In the midst of fields of tall, green sugarcane are well-constructed roads that lead into one of the many villages that 28-year-old Neeraj looks after as a pradhan, or village lead, in the state of Uttarakhand, in northern India. As he walks through the village, voices of children calling out his name are heard from afar. Old men and women are beginning to crowd the streets. In a flash, people young and old surround Neeraj and try to talk to him. While some are simply eager to greet him, others want to share their problems. He is the head of their village (similar to a mayor in the U.S.) yet they seem fond of him for his friendly and loving nature.
“I want to give back to the families in these villages and do good things for them the way World Vision did for me and brought me to where I am today,” says Neeraj, dressed in fashionable dress pants, a shortsleeved shirt, and a cotton Nehru jacket — the attire of a modern-day politician in India. He adds, “I became a politician only because I believe that such a person has the power and influence to help people in every way.”
Neeraj’s father, Hukam Singh, 58, is a farmer, and his mother, Kanti Devi, 52, is a homemaker. When Neeraj was growing up, the family lived in a house built of tin sheets and hay. Hukam used to cultivate a small field, earning about US$46 a month — which sometimes wasn’t even enough to feed Neeraj and his three siblings.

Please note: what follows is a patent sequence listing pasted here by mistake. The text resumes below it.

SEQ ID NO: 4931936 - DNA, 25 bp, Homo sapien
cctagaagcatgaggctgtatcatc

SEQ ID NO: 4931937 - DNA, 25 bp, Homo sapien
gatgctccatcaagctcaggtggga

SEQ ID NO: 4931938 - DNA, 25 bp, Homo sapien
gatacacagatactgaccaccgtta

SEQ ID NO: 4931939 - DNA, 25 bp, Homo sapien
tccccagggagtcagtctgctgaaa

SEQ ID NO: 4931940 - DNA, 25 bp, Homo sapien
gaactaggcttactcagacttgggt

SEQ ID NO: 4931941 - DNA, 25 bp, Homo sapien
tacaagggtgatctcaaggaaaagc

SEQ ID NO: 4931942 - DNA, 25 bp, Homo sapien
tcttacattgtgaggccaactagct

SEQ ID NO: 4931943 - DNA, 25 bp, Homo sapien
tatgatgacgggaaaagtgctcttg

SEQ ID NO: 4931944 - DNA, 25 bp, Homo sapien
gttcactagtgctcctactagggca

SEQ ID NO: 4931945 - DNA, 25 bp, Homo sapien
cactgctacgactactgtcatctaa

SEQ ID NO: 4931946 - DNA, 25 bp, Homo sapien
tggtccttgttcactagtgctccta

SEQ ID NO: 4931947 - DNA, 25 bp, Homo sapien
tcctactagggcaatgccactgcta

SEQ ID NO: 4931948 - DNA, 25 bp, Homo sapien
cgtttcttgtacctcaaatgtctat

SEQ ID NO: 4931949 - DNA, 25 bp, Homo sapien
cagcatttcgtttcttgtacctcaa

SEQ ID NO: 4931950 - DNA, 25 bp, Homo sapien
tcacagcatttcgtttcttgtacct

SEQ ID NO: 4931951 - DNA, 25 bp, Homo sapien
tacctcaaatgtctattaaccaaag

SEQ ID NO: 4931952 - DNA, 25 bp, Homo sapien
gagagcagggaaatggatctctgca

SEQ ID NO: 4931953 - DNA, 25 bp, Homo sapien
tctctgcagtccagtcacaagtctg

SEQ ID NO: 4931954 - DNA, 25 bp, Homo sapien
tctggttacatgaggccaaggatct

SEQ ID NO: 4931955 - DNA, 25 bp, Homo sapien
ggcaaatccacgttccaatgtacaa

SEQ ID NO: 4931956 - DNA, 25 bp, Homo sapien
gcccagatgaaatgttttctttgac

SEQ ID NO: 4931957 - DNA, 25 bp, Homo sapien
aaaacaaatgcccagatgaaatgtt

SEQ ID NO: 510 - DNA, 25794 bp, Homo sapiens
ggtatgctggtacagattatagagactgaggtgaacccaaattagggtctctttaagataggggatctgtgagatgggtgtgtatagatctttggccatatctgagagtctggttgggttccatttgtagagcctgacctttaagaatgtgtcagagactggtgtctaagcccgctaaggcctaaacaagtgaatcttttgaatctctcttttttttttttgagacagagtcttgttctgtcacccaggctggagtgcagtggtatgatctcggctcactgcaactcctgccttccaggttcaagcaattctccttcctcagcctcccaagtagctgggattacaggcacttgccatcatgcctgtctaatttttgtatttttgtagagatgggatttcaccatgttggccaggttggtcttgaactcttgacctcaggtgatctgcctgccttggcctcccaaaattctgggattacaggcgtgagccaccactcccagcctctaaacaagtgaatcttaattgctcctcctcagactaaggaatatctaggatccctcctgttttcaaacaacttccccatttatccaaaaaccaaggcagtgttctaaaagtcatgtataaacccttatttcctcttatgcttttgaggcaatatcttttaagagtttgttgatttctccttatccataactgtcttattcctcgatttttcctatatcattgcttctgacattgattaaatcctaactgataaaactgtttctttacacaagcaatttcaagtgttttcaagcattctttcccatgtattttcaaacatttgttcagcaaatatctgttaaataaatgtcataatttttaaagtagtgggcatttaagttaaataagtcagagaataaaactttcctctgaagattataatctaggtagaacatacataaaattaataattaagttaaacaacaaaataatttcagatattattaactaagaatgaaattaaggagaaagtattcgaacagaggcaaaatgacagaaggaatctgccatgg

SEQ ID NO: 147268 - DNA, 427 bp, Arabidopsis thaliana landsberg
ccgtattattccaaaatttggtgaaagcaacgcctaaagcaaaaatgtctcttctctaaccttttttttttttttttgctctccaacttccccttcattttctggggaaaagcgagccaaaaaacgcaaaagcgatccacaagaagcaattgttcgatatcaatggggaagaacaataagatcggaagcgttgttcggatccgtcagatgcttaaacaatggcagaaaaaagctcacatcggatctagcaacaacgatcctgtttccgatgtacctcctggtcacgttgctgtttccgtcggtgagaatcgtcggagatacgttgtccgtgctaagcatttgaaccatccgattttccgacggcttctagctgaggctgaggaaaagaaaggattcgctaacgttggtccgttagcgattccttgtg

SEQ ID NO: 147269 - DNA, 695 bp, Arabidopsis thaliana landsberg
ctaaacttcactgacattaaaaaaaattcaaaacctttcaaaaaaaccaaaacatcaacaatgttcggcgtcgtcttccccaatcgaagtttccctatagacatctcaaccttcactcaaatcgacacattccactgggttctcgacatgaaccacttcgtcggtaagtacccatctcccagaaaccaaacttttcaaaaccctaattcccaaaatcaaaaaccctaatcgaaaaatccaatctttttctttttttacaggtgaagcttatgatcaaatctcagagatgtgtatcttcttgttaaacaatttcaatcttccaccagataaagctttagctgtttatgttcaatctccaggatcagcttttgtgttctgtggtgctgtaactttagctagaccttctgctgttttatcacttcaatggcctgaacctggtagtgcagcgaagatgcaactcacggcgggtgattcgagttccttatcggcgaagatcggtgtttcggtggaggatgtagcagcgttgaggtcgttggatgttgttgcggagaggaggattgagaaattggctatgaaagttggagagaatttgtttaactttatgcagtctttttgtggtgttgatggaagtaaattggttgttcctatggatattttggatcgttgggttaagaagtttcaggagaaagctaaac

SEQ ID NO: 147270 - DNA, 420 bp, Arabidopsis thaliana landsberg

When Neeraj was only 5 years old, World Vision began working with his village, connecting 60 to 70 children — including Neeraj — with sponsors.
At that time there were no toilets, girls were especially discriminated against and abused, and most children had to work instead of attending school.
World Vision soon began children’s groups where boys and girls were taught about their rights, and they formed a child parliament from those groups in 2001.
“This was the best part of the journey,” Neeraj says. “I developed an interest in social activities from my childhood because of this child parliament. I was part of various ministries, and we were also taken to Delhi, Chennai, and other places to meet politicians.”
As he grew, Neeraj’s confidence about speaking in front of people also grew, and he began feeling concerned about social issues in and around his village. In 2011, he ran in his college’s student union elections and won. After graduating, Neeraj began working with political parties and learning from the leaders of his state.
“I can say this from the depth of my heart and with sincerity that if World Vision didn’t come into my life, I wouldn’t be where I am today,” Neeraj shares.
Now he is the head of several villages. A year ago, Neeraj placed closed circuit television cameras in the villages to help ensure the safety of girls and women. He initiated trainings on organic farming to help smallholder farmers cultivate better crops, and has been actively helping youth find jobs or providing them with entrepreneurial loans.
Neeraj ensures that none of the villages under his care face a shortage of water and electricity. He is also running for a seat in the legislative assembly to become a cabinet minister of Uttarakhand. He hopes to become the chief minister of the state in 10 to 15 years.